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Efficacy and tolerability of adjunctive therapy with zonisamide in childhood intractable epilepsy. / Lee, Yun Jin; kang, hoonchul; Seo, Joo Hee; Lee, Joon Soo; Kim, HeungDong.

In: Brain and Development, Vol. 32, No. 3, 01.03.2010, p. 208-212.

Research output: Contribution to journalArticle

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AU - Lee, Joon Soo

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N2 - Purpose: This study investigated the efficacy and safety of zonisamide (ZNS) adjunctive therapy in children with intractable epilepsy to existing antiepileptic drugs (AEDs). Methods: A clinical retrospective study was performed from 2003 to 2005 at two tertiary epilepsy centers. We reviewed the data from 163 children (107 boys and 56 girls) who experienced more than four seizures per month, whose seizures were intractable to an initial 2 or more AEDs, and could be followed up for at least 6. months after ZNS adjunctive therapy initiation. Efficacy was estimated by seizure reduction rate according to seizure types including infantile spasms, and adverse events were also measured. Results: Seventy-nine patients (48.5%) out of 163 patients experienced a reduction in seizure frequency of more than 50%, and 25 patients (15.3%) became seizure-free. The rate of seizure reduction greater than 50% in children with partial seizures was 40.5% (17/42) and in children with generalized seizures was 51.2% (62/121). Of 36 patients who manifested mainly myoclonic seizures, 20 patients (55.6%) showed a seizure reduction of more than 50% and 9 patients (25.0%) were seizure-free. Mean maintenance dosage of drug was 8.2. mg/kg/day (range 5.0-16.0. mg/kg/day). Adverse events were documented in 15 children (9.2%), including somnolence (8 patients), fatigue, and anorexia, but all were transient and successfully managed. One patient discontinued ZNS therapy due to acute pancreatitis. Conclusion: ZNS adjunctive therapy is an effective and safe treatment in various childhood intractable epilepsy.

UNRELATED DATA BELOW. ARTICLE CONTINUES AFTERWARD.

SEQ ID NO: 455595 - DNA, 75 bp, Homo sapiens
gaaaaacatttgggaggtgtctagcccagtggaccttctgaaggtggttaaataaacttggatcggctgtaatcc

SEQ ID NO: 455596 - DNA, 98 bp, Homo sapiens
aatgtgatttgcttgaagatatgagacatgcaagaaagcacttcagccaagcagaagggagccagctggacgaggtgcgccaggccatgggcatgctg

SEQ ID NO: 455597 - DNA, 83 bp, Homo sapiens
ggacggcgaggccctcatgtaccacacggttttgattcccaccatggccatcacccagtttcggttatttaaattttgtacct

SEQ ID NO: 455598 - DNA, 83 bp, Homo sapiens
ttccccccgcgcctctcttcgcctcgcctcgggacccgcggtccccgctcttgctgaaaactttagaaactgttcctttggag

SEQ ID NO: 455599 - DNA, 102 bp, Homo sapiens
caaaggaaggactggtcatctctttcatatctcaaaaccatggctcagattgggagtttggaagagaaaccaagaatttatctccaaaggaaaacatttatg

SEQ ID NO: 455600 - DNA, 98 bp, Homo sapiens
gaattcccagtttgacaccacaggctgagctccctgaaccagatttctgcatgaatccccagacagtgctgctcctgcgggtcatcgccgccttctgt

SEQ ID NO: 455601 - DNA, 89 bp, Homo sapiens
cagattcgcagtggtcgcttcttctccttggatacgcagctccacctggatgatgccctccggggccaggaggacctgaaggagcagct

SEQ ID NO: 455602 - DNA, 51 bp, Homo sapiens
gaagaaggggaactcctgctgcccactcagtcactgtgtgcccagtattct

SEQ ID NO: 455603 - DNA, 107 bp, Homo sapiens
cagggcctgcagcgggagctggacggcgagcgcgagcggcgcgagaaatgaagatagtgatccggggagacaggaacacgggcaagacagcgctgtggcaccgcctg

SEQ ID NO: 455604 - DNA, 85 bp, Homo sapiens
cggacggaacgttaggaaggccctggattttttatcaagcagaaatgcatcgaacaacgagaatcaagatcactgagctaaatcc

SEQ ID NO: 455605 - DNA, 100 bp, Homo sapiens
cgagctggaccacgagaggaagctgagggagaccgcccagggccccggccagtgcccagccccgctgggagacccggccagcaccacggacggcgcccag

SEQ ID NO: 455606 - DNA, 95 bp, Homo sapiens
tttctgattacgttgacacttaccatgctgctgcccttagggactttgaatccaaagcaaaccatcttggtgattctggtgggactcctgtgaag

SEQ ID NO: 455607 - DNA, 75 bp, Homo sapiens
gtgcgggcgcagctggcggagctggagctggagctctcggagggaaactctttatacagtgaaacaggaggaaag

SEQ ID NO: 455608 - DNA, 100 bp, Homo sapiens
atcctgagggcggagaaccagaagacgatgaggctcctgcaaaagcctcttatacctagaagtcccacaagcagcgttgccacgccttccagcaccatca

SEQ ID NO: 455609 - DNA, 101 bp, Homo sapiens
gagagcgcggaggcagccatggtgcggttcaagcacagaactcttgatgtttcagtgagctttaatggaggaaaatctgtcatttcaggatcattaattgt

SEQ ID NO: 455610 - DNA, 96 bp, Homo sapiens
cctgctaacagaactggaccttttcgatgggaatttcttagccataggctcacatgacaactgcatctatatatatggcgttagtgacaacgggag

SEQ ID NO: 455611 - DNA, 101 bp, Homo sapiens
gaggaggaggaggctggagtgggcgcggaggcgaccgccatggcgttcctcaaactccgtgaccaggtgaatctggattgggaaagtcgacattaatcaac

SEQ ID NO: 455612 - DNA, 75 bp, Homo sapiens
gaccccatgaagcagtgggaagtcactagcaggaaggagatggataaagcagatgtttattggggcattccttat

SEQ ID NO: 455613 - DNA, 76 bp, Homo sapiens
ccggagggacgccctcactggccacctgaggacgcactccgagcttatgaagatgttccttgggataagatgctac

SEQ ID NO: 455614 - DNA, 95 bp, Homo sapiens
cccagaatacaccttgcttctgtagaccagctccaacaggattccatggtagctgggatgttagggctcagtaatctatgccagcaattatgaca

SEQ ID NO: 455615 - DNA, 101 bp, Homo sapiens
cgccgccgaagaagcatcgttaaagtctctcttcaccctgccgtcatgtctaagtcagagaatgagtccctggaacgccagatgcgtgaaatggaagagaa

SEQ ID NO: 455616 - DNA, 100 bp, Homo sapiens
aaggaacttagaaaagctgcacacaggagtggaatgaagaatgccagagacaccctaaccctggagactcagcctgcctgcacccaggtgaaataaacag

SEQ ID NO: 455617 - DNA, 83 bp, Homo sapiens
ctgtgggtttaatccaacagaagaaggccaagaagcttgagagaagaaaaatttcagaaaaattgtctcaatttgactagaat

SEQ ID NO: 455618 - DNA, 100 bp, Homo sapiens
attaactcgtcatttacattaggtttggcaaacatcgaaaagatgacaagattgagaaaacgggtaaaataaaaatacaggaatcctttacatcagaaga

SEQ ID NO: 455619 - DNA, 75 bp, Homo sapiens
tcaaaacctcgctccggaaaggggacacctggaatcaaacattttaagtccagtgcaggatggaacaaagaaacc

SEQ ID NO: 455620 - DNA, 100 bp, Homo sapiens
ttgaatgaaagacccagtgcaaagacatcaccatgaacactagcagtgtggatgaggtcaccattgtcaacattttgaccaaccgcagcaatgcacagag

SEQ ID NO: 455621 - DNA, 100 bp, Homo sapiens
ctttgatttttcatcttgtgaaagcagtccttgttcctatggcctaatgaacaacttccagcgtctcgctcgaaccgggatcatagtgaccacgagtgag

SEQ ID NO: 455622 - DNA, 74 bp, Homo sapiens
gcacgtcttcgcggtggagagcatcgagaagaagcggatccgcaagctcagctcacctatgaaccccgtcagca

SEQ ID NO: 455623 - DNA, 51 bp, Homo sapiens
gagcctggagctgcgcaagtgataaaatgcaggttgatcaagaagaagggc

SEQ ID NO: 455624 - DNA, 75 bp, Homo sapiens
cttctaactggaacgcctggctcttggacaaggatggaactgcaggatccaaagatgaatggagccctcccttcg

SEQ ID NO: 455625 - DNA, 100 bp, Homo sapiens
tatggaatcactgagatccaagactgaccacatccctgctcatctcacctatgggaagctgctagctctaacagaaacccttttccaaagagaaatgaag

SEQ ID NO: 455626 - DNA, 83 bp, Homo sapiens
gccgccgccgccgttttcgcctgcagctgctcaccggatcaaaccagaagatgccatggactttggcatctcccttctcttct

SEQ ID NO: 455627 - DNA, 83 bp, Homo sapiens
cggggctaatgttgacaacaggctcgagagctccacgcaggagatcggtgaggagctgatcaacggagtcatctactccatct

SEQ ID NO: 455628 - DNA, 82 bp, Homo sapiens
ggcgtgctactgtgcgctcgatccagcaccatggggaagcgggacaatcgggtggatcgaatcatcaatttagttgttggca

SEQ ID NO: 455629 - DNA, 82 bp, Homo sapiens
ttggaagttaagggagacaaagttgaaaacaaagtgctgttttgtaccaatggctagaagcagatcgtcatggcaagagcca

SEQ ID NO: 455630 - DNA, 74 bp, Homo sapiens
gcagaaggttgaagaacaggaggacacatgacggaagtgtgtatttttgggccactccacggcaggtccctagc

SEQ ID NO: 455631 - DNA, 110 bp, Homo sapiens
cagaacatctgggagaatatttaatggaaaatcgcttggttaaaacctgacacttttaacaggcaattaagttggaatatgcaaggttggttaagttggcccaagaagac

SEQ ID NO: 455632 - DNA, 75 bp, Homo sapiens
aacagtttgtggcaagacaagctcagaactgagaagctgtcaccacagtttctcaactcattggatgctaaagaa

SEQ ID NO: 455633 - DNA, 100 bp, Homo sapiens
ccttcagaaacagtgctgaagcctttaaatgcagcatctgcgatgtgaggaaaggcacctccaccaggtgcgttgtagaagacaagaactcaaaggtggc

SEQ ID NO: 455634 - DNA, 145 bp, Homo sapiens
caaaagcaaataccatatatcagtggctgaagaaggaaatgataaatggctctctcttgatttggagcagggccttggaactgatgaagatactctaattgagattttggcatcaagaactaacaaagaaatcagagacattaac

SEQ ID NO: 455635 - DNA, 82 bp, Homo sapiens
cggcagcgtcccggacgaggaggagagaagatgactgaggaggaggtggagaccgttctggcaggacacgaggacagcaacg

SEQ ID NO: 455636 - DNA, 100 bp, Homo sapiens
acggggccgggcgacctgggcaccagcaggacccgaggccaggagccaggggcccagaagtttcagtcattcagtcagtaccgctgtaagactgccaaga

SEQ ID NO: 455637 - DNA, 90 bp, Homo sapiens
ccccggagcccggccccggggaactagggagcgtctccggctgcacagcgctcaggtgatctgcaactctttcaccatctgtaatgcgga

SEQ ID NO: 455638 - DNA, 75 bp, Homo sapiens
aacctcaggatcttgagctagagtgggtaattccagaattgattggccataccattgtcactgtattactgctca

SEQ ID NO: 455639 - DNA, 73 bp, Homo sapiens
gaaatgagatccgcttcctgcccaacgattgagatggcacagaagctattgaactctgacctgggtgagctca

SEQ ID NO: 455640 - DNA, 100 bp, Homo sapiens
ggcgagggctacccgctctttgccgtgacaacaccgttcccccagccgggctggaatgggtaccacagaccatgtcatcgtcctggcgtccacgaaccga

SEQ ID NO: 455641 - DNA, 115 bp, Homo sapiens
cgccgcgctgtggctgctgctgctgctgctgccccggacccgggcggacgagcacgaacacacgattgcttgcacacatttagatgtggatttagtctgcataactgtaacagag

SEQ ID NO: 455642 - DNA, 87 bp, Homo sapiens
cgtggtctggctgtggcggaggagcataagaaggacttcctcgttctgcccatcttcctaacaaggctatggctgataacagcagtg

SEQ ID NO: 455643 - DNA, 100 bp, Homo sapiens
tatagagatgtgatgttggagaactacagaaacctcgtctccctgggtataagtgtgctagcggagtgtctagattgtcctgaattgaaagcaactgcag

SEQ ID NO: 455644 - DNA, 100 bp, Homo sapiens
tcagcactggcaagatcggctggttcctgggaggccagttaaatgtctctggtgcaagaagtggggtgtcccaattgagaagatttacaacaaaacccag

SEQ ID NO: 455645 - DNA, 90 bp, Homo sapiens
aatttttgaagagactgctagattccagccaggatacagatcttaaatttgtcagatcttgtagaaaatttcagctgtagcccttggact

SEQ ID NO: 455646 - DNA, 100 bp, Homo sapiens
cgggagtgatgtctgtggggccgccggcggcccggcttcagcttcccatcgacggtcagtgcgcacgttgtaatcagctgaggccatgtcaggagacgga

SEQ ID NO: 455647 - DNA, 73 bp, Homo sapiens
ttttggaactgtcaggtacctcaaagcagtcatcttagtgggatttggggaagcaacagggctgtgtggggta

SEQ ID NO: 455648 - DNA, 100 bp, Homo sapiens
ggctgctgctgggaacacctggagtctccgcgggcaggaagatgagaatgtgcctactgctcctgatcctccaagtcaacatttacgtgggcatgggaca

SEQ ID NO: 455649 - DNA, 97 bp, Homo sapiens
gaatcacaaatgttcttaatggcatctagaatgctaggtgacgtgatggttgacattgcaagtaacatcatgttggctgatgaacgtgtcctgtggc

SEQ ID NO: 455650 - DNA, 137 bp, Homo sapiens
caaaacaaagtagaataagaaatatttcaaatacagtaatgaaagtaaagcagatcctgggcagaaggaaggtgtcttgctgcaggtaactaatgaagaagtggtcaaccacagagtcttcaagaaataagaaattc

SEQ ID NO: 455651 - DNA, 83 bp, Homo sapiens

AB - Purpose: This study investigated the efficacy and safety of zonisamide (ZNS) adjunctive therapy in children with intractable epilepsy to existing antiepileptic drugs (AEDs). Methods: A clinical retrospective study was performed from 2003 to 2005 at two tertiary epilepsy centers. We reviewed the data from 163 children (107 boys and 56 girls) who experienced more than four seizures per month, whose seizures were intractable to an initial 2 or more AEDs, and could be followed up for at least 6. months after ZNS adjunctive therapy initiation. Efficacy was estimated by seizure reduction rate according to seizure types including infantile spasms, and adverse events were also measured. Results: Seventy-nine patients (48.5%) out of 163 patients experienced a reduction in seizure frequency of more than 50%, and 25 patients (15.3%) became seizure-free. The rate of seizure reduction greater than 50% in children with partial seizures was 40.5% (17/42) and in children with generalized seizures was 51.2% (62/121). Of 36 patients who manifested mainly myoclonic seizures, 20 patients (55.6%) showed a seizure reduction of more than 50% and 9 patients (25.0%) were seizure-free. Mean maintenance dosage of drug was 8.2. mg/kg/day (range 5.0-16.0. mg/kg/day). Adverse events were documented in 15 children (9.2%), including somnolence (8 patients), fatigue, and anorexia, but all were transient and successfully managed. One patient discontinued ZNS therapy due to acute pancreatitis. Conclusion: ZNS adjunctive therapy is an effective and safe treatment in various childhood intractable epilepsy.